How are social capital and sense of coherence associated with hazardous alcohol use?: Findings from a large population-based Swedish sample of adults
2016 (English)In: Scandinavian Journal of Public Health, ISSN 1403-4948, E-ISSN 1651-1905, Vol. 44, no 5, 525-533 p.Article in journal (Refereed) PublishedText
Aims: This study examined whether social capital and a sense of coherence are associated with hazardous alcohol use in a large population-based Swedish sample. In particular, the objectives were (a) to examine which of five subdimensions of social capital is associated with hazardous alcohol use, (b) to investigate the moderating role of sense of coherence and (c) to examine possible sex differences. Methods: A postal survey was distributed to a sample of respondents (aged 18-84 years) from five Swedish counties that was stratified by sex, age and city; 40,674 (59.2%) participants responded, of which 45.5% were men and 54.5% were women with a mean +/- SD age of 53.8 +/- 17.9 years. Results: Structural dimensions of social capital were associated with an increased probability of hazardous alcohol use among both men and women, whereas the increased probability associated with cognitive dimensions occurred mostly among women. Sense of coherence was robustly associated with a decreased probability of hazardous alcohol use among both men and women. There were few moderating effects of sense of coherence and sex differences emerged mainly for the cognitive dimension of social capital. Conclusions: Associations between social capital dimensions and hazardous alcohol use were partly sex-specific, whereas the benefits of a sense of coherence accrued to both sexes. Social capital dimensions and sense of coherence were generally unrelated to each other. Only associations between the cognitive dimensions of social capital and hazardous alcohol use differed by sex.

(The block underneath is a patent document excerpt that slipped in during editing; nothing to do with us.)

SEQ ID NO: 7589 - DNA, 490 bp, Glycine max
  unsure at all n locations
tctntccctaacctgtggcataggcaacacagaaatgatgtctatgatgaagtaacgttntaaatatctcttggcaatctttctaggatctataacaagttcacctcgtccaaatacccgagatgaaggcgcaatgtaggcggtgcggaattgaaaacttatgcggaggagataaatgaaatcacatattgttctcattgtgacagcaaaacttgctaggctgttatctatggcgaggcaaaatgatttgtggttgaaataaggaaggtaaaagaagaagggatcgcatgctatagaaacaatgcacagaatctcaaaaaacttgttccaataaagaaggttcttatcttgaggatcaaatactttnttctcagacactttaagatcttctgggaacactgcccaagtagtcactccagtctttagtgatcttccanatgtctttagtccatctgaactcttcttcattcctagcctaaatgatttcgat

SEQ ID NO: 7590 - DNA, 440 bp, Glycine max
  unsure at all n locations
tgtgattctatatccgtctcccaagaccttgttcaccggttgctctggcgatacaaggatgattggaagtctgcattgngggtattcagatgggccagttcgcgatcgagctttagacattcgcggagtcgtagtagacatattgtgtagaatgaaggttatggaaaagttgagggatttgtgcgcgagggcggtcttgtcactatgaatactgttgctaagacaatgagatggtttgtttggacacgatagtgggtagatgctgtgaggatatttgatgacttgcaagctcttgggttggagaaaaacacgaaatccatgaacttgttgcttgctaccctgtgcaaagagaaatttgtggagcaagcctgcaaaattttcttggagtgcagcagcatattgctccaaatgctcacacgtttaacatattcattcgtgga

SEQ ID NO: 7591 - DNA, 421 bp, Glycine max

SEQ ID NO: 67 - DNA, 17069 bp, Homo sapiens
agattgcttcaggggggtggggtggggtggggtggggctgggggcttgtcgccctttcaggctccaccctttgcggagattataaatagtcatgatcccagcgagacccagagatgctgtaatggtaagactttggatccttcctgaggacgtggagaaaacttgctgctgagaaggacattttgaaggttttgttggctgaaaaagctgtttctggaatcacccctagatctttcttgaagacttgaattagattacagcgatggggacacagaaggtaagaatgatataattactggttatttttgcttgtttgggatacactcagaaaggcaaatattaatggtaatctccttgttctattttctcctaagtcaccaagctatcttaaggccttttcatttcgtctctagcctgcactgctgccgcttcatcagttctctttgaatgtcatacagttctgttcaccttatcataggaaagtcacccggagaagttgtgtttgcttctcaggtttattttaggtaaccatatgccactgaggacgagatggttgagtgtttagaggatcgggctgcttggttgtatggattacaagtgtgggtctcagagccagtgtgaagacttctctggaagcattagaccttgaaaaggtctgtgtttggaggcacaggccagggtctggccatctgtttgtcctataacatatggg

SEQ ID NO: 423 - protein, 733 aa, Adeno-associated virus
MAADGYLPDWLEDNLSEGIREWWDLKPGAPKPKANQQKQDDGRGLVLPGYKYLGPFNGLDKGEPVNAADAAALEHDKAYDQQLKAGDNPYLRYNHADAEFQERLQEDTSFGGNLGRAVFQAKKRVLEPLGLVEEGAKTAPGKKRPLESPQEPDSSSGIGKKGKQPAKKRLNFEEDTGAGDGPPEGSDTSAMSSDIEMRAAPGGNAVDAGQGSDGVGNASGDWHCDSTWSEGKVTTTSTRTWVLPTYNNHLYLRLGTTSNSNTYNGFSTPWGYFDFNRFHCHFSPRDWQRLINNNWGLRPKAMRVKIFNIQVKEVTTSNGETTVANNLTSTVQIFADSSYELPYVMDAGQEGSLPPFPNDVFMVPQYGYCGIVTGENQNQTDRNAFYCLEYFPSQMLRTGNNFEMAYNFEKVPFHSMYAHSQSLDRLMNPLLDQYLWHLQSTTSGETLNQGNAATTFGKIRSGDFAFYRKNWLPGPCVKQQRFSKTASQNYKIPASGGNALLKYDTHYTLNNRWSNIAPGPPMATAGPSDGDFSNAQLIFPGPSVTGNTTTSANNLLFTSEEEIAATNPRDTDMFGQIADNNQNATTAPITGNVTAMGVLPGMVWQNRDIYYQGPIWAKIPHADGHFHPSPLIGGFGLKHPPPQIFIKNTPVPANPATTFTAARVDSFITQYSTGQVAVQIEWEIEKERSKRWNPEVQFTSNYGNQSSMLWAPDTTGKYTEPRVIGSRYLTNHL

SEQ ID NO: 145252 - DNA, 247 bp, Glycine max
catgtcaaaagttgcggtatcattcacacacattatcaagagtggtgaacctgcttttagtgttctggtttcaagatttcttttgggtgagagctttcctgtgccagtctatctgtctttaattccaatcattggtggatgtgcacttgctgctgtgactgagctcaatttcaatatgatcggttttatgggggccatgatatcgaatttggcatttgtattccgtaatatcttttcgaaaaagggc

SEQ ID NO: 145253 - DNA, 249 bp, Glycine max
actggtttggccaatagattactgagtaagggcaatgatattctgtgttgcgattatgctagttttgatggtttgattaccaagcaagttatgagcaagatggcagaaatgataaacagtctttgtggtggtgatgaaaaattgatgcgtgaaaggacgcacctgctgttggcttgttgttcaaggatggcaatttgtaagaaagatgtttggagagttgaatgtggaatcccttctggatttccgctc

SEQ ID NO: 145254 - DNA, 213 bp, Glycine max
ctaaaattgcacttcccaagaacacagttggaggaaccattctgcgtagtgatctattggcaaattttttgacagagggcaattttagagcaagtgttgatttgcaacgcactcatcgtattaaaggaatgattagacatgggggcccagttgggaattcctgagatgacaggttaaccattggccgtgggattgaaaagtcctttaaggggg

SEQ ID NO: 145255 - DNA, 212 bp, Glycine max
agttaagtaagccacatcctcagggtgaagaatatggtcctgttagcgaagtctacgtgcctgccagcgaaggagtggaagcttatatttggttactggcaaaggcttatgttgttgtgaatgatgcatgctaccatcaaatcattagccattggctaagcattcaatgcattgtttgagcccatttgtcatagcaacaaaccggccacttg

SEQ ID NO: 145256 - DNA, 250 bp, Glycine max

Place, publisher, year, edition, pages
2016. Vol. 44, no 5, 525-533 p.
Sweden, social capital, sense of coherence, hazardous alcohol use, sex differences
Public Health, Global Health, Social Medicine and Epidemiology Substance Abuse
IdentifiersURN: urn:nbn:se:uu:diva-299036DOI: 10.1177/1403494816645221ISI: 000377349500010PubMedID: 27113963OAI: oai:DiVA.org:uu-299036DiVA: diva2:948811
FunderForte, Swedish Research Council for Health, Working Life and Welfare